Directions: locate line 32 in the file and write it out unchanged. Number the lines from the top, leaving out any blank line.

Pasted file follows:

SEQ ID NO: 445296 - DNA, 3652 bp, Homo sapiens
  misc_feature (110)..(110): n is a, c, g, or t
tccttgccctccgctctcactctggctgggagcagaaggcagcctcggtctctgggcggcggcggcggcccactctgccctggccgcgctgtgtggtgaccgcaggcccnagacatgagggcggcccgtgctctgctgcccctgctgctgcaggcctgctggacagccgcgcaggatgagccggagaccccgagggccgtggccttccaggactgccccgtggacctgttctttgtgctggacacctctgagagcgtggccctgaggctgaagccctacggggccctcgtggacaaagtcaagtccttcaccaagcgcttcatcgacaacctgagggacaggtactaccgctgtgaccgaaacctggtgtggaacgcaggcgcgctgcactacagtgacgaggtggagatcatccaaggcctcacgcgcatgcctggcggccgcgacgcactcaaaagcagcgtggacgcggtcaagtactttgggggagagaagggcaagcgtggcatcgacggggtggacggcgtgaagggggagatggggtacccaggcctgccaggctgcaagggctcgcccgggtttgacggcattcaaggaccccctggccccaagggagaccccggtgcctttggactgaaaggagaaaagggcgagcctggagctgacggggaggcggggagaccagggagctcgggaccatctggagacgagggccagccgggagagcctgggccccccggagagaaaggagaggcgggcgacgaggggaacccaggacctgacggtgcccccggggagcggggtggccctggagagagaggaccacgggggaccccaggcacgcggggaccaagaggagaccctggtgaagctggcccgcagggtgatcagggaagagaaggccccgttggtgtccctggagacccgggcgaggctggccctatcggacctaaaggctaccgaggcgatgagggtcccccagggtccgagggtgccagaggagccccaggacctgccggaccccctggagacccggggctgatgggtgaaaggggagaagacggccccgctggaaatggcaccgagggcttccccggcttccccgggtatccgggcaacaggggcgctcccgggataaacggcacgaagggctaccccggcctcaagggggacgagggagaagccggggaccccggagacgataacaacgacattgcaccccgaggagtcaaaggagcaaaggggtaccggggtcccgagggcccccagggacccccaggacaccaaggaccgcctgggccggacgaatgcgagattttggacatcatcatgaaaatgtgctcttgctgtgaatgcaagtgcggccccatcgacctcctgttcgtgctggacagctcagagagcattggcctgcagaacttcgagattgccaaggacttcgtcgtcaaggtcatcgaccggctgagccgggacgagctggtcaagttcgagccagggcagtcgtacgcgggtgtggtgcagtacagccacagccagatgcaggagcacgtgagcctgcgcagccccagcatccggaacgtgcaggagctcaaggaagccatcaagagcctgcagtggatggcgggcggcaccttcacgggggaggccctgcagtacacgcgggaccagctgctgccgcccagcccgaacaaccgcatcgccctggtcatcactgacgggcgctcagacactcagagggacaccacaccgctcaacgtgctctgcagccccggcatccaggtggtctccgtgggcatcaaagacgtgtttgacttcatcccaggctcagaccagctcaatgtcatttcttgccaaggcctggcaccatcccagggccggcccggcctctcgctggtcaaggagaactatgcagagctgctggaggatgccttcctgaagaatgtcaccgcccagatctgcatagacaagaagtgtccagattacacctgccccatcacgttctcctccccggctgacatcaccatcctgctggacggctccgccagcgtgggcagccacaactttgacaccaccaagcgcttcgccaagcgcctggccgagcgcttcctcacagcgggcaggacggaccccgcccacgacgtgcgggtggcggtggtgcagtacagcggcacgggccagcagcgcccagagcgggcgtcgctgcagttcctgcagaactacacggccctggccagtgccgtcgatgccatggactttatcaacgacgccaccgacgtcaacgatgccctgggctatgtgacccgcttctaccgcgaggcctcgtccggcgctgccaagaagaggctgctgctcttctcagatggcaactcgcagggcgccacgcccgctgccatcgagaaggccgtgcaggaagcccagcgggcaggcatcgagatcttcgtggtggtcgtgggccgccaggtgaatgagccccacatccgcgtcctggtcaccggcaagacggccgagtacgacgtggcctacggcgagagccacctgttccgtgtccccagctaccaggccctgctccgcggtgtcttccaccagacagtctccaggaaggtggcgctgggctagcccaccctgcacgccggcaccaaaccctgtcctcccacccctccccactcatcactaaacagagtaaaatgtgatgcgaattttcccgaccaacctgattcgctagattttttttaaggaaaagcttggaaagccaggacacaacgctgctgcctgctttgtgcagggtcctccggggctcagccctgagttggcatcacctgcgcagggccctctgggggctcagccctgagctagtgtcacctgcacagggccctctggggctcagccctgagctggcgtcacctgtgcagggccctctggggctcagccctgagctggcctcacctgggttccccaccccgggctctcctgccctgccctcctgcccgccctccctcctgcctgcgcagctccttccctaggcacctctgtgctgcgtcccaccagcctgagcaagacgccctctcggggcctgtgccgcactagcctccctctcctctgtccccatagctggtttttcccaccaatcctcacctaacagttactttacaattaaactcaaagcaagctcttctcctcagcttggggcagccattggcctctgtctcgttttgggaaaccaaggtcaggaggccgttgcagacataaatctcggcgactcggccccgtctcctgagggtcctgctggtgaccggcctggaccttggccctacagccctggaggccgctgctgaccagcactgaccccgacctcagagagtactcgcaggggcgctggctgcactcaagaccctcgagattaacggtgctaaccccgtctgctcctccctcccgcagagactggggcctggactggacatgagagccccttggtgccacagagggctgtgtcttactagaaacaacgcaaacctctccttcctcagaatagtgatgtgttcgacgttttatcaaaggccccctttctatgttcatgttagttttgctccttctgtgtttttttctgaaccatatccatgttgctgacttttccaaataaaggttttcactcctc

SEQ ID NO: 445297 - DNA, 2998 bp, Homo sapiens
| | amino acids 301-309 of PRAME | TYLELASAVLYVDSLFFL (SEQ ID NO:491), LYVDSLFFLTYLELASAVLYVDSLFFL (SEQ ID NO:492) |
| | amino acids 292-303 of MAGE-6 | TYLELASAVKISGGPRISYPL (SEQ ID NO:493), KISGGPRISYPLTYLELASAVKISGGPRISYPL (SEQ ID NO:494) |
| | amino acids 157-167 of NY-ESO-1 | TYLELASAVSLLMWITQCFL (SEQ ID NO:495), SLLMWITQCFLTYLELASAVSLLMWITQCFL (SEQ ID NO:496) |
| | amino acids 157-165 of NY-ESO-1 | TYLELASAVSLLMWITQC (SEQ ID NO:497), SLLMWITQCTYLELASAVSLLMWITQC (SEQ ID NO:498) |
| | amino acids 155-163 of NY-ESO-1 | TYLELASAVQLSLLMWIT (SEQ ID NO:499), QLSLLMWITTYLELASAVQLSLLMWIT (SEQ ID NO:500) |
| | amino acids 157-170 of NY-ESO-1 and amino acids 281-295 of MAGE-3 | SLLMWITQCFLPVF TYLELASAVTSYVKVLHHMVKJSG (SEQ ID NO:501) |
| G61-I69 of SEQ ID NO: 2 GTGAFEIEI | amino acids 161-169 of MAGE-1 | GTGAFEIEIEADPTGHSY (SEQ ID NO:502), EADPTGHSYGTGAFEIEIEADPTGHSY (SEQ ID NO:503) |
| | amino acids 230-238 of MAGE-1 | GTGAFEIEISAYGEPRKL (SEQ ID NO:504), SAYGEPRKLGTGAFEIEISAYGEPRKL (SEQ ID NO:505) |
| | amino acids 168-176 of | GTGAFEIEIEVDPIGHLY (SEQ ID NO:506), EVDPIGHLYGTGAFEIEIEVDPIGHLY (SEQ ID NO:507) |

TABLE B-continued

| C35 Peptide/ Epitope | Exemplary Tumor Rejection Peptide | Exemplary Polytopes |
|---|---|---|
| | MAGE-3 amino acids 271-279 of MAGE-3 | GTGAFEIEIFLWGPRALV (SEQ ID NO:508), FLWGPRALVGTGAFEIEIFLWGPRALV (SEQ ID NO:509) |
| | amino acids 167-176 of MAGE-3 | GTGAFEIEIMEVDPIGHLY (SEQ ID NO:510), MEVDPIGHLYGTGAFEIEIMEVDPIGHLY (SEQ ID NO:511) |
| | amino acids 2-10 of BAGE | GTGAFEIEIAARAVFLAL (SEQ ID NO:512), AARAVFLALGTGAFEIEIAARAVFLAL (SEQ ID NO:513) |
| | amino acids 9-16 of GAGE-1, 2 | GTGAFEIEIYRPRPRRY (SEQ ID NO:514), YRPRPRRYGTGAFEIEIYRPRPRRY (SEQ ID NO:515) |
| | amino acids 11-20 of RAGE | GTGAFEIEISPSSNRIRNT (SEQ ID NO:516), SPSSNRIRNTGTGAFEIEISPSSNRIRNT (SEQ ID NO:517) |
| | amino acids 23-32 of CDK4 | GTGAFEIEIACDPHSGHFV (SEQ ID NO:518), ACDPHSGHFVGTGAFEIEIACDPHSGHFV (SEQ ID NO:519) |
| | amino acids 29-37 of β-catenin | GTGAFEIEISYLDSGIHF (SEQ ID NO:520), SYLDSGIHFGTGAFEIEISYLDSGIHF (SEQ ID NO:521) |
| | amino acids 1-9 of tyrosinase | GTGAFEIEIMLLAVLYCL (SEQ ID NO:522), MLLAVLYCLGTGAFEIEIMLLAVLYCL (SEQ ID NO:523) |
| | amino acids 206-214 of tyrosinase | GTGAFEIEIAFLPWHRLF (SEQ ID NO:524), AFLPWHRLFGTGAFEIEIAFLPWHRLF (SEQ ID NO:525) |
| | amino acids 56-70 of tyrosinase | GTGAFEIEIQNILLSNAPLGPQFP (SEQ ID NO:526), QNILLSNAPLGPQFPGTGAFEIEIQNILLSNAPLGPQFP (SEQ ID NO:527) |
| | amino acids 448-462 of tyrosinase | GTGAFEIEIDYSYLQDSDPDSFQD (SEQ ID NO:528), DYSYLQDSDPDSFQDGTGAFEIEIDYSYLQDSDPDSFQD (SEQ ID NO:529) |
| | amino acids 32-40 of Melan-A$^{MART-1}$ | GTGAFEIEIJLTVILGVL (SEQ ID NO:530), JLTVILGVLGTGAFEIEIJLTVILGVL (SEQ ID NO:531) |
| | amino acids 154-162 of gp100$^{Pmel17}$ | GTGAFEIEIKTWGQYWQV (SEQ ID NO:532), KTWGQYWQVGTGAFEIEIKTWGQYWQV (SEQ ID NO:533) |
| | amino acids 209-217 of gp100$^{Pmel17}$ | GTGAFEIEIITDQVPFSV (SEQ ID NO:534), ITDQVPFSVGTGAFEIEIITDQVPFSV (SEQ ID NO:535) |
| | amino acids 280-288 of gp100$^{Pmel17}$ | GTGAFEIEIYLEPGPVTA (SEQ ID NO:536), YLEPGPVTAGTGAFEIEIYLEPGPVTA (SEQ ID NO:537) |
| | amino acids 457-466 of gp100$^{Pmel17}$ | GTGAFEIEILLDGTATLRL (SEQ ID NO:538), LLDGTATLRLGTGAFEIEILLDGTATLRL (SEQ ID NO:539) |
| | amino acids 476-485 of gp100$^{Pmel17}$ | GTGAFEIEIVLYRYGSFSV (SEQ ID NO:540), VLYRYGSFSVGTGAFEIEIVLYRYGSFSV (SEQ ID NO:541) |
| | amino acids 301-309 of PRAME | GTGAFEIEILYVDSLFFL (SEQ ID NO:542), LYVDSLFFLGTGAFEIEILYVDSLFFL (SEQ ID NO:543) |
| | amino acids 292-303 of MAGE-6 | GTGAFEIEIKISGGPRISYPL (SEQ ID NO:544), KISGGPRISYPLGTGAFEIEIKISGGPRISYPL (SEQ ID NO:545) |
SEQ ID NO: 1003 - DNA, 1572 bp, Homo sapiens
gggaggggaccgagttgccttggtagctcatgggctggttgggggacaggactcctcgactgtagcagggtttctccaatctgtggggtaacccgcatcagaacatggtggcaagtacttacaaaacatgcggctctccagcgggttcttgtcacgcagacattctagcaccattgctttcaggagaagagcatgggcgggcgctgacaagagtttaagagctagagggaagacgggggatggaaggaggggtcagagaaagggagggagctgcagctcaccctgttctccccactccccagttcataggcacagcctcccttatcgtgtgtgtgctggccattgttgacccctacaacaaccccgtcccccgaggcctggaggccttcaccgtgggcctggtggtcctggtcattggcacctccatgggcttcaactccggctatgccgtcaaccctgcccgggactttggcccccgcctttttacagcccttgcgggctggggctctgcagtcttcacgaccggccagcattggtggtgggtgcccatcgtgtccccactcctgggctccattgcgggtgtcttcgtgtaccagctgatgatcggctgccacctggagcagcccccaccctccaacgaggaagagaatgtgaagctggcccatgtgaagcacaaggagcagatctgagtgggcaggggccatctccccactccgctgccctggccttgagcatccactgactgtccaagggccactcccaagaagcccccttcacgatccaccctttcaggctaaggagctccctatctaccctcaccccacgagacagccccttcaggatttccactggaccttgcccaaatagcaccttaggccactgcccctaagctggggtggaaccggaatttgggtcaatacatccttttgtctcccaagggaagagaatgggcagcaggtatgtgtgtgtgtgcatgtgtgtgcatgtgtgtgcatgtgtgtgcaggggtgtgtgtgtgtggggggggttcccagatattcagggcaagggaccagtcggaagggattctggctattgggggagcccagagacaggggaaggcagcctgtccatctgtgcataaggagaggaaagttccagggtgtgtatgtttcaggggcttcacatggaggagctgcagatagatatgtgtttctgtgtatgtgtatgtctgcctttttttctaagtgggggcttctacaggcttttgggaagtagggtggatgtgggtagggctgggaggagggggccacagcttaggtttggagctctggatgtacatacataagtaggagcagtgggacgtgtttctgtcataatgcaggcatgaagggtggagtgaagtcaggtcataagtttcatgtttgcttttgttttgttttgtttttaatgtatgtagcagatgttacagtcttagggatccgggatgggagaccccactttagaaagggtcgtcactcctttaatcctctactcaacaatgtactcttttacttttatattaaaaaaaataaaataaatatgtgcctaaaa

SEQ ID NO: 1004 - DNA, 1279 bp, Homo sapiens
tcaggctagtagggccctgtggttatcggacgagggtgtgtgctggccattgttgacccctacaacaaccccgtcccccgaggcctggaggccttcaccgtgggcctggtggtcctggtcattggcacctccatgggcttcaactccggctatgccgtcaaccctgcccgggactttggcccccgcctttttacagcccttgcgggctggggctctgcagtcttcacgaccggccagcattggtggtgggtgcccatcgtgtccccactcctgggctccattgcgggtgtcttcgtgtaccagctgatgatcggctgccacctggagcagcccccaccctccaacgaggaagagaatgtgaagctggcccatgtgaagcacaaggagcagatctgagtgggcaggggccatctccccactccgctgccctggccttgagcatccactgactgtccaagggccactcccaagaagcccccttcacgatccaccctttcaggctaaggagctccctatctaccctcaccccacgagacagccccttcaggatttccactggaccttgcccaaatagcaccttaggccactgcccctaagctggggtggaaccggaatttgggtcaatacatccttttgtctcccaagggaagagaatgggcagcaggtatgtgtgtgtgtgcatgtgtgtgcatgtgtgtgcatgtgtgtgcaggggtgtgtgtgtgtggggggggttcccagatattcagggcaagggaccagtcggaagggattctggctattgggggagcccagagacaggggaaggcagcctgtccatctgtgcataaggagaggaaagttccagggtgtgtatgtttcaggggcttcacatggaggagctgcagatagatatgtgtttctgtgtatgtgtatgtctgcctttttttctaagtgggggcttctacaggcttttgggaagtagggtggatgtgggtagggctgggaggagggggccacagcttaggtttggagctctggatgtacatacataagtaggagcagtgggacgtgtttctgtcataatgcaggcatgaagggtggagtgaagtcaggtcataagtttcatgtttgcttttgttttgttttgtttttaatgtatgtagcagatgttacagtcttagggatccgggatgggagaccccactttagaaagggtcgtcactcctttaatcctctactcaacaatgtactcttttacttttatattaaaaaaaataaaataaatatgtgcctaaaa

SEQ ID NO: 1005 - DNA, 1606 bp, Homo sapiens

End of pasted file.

| | amino acids 457-466 of gp100$^{Pmel17}$ | GTGAFEIEILLDGTATLRL (SEQ ID NO:538), LLDGTATLRLGTGAFEIEILLDGTATLRL (SEQ ID NO:539) |